Wednesday, September 28, 2011

The importance of socializing

Socializing is an odd term. People in Computer Science are usually regarded as socially incompetent, or at least plain out weird and introverted. Funny, though, that most of the modern tools (Twitter, Facebook, Google+) people use to interact were created by these socially impaired persons.
But, then again, people from CS are usually the ones that post more actively and have many friends in Facebook and Twitter. So, they do socialize.....

Yet, we are not here to point out this oddities, but to speak on the importance of socializing (which is different from team work) in a research environment. Also, I'll address and recommend some particular sites fro the ML community.

I've found that I feel motivated when I discuss different topics with different people. And even if the problem is different, you still feel good. How many times have you discussed with your adviser or a colleague and found out something you did not consider. Sometimes our thoughts are different when we externalize them. A good idea may seem dumb when spoken out-loud, or a bad idea may have a touch of genius when others hear it.

Teaching something you like is another way to socialize. Prepare a presentation on some random topic, and you'll see you can learn a lot from that topic (if presented to the right audience). I highly endorse making the student present their work or a random topic to an audience. It forces them to understand the material, and in the process they learn a bit on expressing their ideas.

But in this modern age, we have a myriad of tools to achieve these interactions without getting out of our desks (which I have yet to decide whether is a good or a bad thing). We have social networks, where we can find good researchers, we have online lectures, were we can socialize with other people watching the lecture, and thankfully machine learning has been an early adopter as well as an active player.

On social networks, you can have different interactions depending the network you use. I find Twitter lists to be a great source of Machine Learning researchers, feel free to follow mine. Google+ recently releases a feature that allows the users to share their circles, and I have a somewhat good circle of Machine Learning Researchers (Andrew Ng, Nir Friedman and Yan LeCun among others). The important thing about these lists and circles are not only the researchers, but the enthusiastic community of grad students that post, discuss and share ideas and innovations.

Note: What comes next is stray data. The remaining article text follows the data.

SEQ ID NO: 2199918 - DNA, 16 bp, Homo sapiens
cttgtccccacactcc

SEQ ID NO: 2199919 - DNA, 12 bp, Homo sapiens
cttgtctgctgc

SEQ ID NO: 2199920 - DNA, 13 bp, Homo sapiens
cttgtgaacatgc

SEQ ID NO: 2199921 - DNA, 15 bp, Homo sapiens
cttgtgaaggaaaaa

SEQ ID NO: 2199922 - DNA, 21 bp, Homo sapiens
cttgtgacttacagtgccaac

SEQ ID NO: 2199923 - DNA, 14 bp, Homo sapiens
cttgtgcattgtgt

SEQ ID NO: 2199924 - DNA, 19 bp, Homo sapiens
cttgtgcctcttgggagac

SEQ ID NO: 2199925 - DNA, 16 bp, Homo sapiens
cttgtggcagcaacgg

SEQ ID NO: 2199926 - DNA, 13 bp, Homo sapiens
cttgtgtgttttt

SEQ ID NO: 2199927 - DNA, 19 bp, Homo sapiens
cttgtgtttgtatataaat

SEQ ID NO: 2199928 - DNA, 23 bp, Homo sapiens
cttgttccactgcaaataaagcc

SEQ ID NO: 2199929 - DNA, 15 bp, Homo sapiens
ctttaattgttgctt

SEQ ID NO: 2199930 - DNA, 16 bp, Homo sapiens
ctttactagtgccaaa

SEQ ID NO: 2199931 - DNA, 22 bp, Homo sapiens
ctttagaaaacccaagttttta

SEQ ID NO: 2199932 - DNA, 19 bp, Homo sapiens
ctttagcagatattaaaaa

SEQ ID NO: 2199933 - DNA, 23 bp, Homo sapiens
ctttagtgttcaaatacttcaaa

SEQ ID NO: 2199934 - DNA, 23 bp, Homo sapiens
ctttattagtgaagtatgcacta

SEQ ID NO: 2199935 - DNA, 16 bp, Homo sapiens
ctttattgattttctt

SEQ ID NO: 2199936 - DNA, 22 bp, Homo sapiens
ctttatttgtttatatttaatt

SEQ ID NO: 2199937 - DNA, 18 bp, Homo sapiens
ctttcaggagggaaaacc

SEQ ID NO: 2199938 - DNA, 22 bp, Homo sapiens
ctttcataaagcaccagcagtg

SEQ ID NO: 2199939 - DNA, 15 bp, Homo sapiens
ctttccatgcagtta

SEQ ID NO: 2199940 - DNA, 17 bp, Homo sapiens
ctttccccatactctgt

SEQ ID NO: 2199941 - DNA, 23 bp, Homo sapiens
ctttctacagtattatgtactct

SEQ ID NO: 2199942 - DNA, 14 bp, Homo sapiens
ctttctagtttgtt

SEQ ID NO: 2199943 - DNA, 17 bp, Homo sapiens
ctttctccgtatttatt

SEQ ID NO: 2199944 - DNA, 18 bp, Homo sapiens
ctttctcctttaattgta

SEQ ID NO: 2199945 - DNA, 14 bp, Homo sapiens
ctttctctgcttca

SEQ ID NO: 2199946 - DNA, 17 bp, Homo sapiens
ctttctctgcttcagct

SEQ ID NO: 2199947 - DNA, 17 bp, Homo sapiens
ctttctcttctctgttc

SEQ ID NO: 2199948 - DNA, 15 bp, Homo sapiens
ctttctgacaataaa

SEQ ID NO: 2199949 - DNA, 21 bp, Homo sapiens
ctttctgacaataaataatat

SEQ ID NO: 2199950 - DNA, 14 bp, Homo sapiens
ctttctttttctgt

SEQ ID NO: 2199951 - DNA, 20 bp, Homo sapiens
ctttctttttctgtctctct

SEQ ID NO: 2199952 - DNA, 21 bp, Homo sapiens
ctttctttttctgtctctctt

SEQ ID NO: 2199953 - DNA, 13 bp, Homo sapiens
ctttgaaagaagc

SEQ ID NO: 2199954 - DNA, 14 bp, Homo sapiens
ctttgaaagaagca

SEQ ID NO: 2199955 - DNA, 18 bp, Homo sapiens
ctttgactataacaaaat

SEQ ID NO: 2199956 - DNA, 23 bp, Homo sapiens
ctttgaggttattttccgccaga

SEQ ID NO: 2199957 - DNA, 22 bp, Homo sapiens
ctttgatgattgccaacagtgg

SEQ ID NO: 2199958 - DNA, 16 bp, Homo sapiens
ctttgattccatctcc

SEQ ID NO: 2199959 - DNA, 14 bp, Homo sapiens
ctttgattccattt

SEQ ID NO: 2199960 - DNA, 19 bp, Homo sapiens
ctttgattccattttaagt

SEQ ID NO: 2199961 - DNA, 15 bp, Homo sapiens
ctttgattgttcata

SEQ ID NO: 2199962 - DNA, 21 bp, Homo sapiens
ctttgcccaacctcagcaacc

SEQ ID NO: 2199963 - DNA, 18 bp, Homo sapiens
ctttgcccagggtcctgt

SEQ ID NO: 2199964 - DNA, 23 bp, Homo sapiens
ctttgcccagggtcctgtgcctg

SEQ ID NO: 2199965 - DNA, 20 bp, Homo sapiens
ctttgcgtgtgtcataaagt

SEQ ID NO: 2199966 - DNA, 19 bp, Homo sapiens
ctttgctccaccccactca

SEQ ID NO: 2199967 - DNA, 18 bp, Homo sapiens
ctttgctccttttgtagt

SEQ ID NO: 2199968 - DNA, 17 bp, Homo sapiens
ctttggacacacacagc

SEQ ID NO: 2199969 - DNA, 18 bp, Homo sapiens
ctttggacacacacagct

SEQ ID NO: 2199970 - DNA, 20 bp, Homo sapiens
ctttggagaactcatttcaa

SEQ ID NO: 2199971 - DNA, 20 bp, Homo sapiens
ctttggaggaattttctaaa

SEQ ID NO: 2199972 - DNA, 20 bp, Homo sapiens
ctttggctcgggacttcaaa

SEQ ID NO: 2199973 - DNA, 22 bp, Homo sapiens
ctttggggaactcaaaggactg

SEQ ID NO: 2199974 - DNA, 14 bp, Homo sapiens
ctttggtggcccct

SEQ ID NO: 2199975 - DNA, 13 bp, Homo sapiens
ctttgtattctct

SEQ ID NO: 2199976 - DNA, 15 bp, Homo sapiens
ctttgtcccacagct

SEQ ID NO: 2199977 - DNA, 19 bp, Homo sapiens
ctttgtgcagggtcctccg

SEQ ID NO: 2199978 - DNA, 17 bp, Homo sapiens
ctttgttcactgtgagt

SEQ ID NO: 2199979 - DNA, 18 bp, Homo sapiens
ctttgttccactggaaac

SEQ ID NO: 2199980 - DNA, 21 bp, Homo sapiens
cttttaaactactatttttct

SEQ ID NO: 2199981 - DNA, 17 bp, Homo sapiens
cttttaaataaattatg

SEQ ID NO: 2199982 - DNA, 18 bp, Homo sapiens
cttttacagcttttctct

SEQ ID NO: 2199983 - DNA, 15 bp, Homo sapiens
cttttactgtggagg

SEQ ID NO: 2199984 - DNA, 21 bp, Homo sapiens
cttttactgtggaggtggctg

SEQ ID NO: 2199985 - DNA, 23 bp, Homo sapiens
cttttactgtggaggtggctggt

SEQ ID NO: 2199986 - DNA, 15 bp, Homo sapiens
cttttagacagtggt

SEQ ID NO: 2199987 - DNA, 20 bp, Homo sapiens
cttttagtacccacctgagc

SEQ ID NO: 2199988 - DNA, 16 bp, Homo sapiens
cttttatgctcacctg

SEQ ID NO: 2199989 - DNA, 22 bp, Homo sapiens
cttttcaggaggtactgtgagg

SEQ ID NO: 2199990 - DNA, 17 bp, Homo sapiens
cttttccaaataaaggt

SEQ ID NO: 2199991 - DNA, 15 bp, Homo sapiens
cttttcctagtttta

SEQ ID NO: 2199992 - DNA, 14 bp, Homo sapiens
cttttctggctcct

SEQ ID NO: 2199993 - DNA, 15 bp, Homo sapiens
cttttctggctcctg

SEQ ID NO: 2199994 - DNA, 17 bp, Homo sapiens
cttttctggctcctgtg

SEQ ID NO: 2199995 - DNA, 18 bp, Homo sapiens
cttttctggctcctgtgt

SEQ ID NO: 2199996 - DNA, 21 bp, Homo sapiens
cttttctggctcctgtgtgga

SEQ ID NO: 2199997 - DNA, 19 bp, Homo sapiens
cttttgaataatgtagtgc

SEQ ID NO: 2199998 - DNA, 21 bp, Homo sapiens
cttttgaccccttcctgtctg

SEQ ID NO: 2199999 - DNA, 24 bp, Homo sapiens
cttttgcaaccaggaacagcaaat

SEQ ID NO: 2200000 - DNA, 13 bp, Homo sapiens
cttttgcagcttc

Now, I've found that while great, these networks are not really suited for a deep theoretical discussion, and with the advent of QA sites like Quora, I think we have a better forum to externalize doubts and consultations on ML and other topics.

I think the top QA venue in Machine Learning is Metaoptimize (lets plug the ad here). It is a place, where most of the people are devoted Machine Learning students (unlike Reddit's Machine Learning sub-reddit, where most of the people are ML enthusiasts).

In Metaoptimize, you usually will get good answers for most of your questions, and if you don't, you get at least a link and a starting point to keep looking for an answer. People there have their fundamentals right, so if you have specific questions on the intuition and maths of a problem, you'll get your answer there. Most of the top contributors in Metaoptimize are also in my Twitter and Google+ lists.

Metaoptimize is definetily a step in the right direction, but sill, I think more can be done to share and to create a broader community, Andrew Ng and Norvig have recently opened free courses to the world, in which they teach ML and AI. They haven't started yet, but a hefty amount of students are rallying to them.

Our world is open, do not think that doing research in a desk involves only reading books and papers, socializing is a very important part of it, and one you should embrace.

That's everything for tonight

Remember to visit my webpage And if you want to keep up with my most recent research, you can tweet me at @leonpalafox.
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